Over the course of the 2003-2007 sample window, several pitchers were taken in the first round who have gone on to post gaudy WAR numbers in the majors. They include Cy Young winners David Price, Tim Lincecum, Justin Verlander, Jered Weaver and current best pitcher alive Clayton Kershaw.
They, however, are the exception. Remember, most of the cases on Deal or No Deal contain amounts you’d expect to inherit from your great-aunt, not win by hitting the lottery. The mean career WAR for all starting pitchers taken in the first 30 picks between 2003 and 2007 was a pretty unremarkable 4.79 (Only the six years of team control are included in these numbers. Anything after that would presumably be at a market cost much higher than what Jimenez or Santana will command), while the median was a shockingly low .35 WAR. That means over half of the 76 first round picks used on pitchers during our time frame posted accounted for less than a single win in terms of value. For every stud hurler selected, a handful of duds turned up. 16 selections never reached the majors on the mound at all (former Rice University star Wade Townsend is counted twice, since both the Orioles and Mets wasted selections on him, and Brian Bogusevic has managed 3 WAR during his career as an outfielder, but has only pitched one major league inning of mop up duty).
The idea of the first round pick carries a huge mystique, especially in today’s draft and prospect hoarding front offices. There is a large drop off in consistency of major league production after the top 10 selections, which happen to be the ones that are protected for teams wishing to sign our free agent pitchers in question. Teams picking 11th-30th face much greater uncertainty with their prospects. Of the 48 pitchers selected in that range during the study years, 27 percent never reached the major leagues. The average career WAR is only 2.9, while the median is ZERO. It is essentially a coin flip as to whether a pitcher drafted in that range made any major league contribution at all. Perhaps most tellingly, only six pitchers selected in this range have posted even one season of 2.7 WAR (Santana’s 2014 projection) or greater, which is only one out of every eight selected. None of the aforementioned stars were picked in this window; Max Scherzer is undoubtedly the most accomplished, drafted 11th in 2006.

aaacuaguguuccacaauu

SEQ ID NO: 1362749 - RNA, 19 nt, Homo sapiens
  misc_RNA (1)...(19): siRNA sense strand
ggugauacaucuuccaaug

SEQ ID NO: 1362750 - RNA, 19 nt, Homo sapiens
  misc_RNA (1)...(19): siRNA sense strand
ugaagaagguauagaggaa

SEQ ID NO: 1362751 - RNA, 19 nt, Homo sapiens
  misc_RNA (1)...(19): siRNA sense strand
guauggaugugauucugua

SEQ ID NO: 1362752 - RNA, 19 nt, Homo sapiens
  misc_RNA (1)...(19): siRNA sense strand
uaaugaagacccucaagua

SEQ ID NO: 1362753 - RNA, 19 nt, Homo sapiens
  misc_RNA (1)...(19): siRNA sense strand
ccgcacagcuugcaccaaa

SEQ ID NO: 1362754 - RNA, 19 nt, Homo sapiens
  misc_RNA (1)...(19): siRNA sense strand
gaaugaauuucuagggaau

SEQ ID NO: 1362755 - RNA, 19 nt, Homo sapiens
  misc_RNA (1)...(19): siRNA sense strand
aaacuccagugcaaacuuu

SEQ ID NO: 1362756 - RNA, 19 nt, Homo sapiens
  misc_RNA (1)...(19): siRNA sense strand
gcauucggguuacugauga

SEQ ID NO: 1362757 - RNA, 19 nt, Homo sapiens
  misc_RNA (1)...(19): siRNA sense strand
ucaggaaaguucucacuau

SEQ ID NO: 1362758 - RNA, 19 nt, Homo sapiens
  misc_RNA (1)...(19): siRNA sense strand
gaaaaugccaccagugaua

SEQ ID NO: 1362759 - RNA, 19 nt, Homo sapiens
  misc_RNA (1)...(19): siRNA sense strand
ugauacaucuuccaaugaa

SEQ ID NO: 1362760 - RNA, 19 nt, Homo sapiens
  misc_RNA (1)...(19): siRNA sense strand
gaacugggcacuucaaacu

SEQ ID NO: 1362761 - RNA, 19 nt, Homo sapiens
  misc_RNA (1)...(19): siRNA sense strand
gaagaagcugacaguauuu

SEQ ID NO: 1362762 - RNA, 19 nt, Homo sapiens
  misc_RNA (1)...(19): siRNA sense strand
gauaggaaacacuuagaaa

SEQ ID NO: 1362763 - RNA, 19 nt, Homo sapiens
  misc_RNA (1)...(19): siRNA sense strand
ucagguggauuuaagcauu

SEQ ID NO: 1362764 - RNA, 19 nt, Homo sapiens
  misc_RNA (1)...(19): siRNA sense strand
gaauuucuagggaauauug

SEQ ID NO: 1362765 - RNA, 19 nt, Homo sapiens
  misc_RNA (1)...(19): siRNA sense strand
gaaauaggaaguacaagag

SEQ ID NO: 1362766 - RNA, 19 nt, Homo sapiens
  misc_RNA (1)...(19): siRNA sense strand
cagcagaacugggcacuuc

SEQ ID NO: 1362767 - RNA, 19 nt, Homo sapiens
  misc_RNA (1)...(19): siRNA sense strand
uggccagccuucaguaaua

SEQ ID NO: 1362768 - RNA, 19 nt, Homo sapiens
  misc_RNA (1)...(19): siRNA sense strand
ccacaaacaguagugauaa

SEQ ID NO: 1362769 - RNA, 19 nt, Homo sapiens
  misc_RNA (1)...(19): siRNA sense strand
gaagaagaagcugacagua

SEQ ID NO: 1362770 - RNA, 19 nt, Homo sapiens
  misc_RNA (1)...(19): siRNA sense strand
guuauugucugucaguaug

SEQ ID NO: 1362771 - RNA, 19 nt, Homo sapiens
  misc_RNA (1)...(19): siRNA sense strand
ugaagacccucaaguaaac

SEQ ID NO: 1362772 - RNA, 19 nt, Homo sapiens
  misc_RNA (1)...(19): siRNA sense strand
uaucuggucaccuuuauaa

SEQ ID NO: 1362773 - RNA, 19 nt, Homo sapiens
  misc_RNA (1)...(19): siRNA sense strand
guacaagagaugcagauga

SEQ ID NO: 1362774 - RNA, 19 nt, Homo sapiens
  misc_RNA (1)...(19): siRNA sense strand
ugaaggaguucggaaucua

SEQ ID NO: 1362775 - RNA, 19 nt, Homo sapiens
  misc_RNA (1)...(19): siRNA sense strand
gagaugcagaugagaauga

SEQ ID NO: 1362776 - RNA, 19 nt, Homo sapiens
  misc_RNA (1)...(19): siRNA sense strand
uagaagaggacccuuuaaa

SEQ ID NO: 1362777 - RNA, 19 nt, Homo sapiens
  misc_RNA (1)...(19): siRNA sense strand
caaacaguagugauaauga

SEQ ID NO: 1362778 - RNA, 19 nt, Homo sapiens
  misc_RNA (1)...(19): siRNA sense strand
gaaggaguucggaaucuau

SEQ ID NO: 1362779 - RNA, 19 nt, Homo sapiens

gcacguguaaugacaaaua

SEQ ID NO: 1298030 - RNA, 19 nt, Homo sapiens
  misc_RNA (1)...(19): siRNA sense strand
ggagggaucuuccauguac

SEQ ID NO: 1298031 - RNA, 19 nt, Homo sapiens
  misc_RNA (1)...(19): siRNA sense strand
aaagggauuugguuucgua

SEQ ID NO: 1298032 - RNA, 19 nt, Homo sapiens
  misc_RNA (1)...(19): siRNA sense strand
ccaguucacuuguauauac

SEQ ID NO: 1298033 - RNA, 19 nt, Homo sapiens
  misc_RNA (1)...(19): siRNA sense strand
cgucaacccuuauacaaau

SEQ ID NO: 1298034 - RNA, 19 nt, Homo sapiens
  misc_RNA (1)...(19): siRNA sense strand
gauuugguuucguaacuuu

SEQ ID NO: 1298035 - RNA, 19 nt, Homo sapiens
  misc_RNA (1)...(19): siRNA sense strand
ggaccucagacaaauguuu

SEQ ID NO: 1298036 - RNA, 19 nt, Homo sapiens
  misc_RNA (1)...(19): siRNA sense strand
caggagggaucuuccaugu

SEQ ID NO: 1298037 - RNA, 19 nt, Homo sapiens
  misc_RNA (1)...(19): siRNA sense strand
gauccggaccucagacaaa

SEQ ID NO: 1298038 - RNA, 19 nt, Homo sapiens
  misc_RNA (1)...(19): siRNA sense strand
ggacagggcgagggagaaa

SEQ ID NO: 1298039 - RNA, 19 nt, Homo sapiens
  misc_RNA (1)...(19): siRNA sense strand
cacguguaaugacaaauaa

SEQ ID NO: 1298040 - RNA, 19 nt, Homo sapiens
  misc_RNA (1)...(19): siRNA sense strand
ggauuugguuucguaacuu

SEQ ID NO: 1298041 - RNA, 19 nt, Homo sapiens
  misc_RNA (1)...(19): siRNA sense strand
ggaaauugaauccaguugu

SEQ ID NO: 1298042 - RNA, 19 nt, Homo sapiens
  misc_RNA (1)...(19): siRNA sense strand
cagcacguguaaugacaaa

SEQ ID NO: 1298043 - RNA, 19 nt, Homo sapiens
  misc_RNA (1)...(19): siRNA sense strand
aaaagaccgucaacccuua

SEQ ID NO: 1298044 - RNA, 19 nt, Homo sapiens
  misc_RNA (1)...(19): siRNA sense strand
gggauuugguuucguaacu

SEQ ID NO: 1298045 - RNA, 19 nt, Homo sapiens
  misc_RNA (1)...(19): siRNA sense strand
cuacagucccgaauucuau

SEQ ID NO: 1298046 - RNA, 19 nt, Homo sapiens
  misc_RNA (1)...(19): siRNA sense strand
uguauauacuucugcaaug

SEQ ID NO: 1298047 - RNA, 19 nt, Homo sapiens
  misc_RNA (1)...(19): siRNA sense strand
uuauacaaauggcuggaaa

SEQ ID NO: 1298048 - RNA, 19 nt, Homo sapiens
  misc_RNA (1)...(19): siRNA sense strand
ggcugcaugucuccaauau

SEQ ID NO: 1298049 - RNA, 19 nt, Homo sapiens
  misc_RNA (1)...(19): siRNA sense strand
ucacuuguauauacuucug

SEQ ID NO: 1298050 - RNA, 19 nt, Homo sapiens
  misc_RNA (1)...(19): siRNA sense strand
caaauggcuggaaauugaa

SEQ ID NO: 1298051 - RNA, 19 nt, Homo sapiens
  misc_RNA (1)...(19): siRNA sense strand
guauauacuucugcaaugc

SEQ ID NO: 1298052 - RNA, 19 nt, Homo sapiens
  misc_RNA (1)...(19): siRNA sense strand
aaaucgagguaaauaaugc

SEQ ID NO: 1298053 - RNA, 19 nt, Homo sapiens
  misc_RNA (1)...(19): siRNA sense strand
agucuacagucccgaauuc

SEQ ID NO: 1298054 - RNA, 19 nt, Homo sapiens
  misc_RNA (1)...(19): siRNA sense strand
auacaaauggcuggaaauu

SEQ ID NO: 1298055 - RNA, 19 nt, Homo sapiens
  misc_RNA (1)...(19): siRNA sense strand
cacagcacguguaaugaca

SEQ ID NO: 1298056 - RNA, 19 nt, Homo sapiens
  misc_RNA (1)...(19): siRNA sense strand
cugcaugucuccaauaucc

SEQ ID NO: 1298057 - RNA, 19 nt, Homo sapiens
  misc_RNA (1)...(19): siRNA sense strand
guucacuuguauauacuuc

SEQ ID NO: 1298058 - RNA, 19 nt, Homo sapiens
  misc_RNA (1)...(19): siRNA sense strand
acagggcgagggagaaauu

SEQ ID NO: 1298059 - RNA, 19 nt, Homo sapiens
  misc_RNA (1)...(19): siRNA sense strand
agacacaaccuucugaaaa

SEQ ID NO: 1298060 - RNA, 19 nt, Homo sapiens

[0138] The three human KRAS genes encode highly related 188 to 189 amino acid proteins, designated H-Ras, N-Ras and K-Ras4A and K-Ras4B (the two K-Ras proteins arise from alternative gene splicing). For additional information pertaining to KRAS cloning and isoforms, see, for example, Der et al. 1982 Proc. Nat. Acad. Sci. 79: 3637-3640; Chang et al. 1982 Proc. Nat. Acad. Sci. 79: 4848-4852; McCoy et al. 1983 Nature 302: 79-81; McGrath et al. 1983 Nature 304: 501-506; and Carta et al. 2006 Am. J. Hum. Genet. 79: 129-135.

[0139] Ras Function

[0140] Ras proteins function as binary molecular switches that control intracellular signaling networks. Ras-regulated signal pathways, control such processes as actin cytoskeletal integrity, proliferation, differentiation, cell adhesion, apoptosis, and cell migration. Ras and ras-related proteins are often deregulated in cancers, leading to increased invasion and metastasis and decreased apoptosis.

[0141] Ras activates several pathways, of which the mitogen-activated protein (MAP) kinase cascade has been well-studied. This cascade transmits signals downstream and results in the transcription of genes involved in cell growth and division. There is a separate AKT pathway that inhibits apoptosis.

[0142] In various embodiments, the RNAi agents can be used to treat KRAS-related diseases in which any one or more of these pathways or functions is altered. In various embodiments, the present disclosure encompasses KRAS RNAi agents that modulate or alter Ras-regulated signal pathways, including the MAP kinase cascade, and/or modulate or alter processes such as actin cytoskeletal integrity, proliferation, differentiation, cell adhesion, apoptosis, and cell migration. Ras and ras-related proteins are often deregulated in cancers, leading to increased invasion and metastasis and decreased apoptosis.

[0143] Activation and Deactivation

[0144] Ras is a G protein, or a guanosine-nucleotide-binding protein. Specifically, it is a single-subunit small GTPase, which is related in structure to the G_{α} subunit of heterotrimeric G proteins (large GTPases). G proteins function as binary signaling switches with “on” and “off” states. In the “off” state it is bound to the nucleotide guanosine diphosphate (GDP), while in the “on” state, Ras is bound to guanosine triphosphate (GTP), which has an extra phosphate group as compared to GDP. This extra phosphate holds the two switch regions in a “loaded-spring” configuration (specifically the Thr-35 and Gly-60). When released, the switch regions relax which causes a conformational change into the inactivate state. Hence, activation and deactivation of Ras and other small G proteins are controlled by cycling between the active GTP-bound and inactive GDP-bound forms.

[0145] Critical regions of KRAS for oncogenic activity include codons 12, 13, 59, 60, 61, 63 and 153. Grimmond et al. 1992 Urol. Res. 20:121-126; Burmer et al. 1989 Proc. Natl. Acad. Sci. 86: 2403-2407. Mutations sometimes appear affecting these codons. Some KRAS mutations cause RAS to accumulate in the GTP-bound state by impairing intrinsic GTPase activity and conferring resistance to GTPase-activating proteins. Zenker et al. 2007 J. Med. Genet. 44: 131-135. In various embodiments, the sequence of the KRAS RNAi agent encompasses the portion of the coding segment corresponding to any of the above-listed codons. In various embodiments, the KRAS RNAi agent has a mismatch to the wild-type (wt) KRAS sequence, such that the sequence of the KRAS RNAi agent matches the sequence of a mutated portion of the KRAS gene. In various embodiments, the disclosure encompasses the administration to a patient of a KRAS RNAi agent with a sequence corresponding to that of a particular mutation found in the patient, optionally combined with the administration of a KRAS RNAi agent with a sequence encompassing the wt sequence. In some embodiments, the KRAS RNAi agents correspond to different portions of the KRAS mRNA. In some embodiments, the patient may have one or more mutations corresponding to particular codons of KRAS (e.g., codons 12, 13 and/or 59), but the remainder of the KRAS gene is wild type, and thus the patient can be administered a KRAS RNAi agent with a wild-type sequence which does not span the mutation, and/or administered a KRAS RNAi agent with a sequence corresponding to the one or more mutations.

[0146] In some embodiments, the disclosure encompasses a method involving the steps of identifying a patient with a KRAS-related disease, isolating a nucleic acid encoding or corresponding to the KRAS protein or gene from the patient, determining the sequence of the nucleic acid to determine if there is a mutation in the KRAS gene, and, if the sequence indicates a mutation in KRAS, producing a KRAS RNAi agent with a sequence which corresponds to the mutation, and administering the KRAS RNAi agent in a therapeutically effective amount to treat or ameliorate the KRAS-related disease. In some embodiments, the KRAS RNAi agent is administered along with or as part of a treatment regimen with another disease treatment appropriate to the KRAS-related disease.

Make no mistake, the draft is the single best place to find value for a franchise. Players come with several years of low cost and are generally with the team that selected them through their peak. It is, though, a crapshoot. It should not be ruled out that some teams will find themselves in situations where forking over the money for a free agent hurler will just make sense, despite having to give up the lottery ticket the draft pick represents.
Both Santana and Jimenez will find contracts and both will be richer men when they do. Chances are they will both receive deals in the neighborhood just below the 4 years/$50 million that Garza received from Milwaukee. An Average Annual Value of $10-12 million at 4 years, or a higher AAV for 3 years seems likely. But the fact that it has taken so long represents what may be a case of teams being unsatisfied with what is a nice return that’s readily available, hoping instead telling Howie’s banker, “No Deal.”
[i] In what may be the most anti-Moneyball move ever, Brian Sabean intentionally gave away the Giants’ first round pick in 2004. The Royals had made clear they would not offer a Michael Tucker arbitration after the 2003 season, making them ineligible to receive a compensatory draft pick. Sabean announced a deal with Tucker the day before the arbitration deadline, meaning the Royals could offer Tucker arbitration without any fear that he would accept, gaining what was essentially a free draft pick.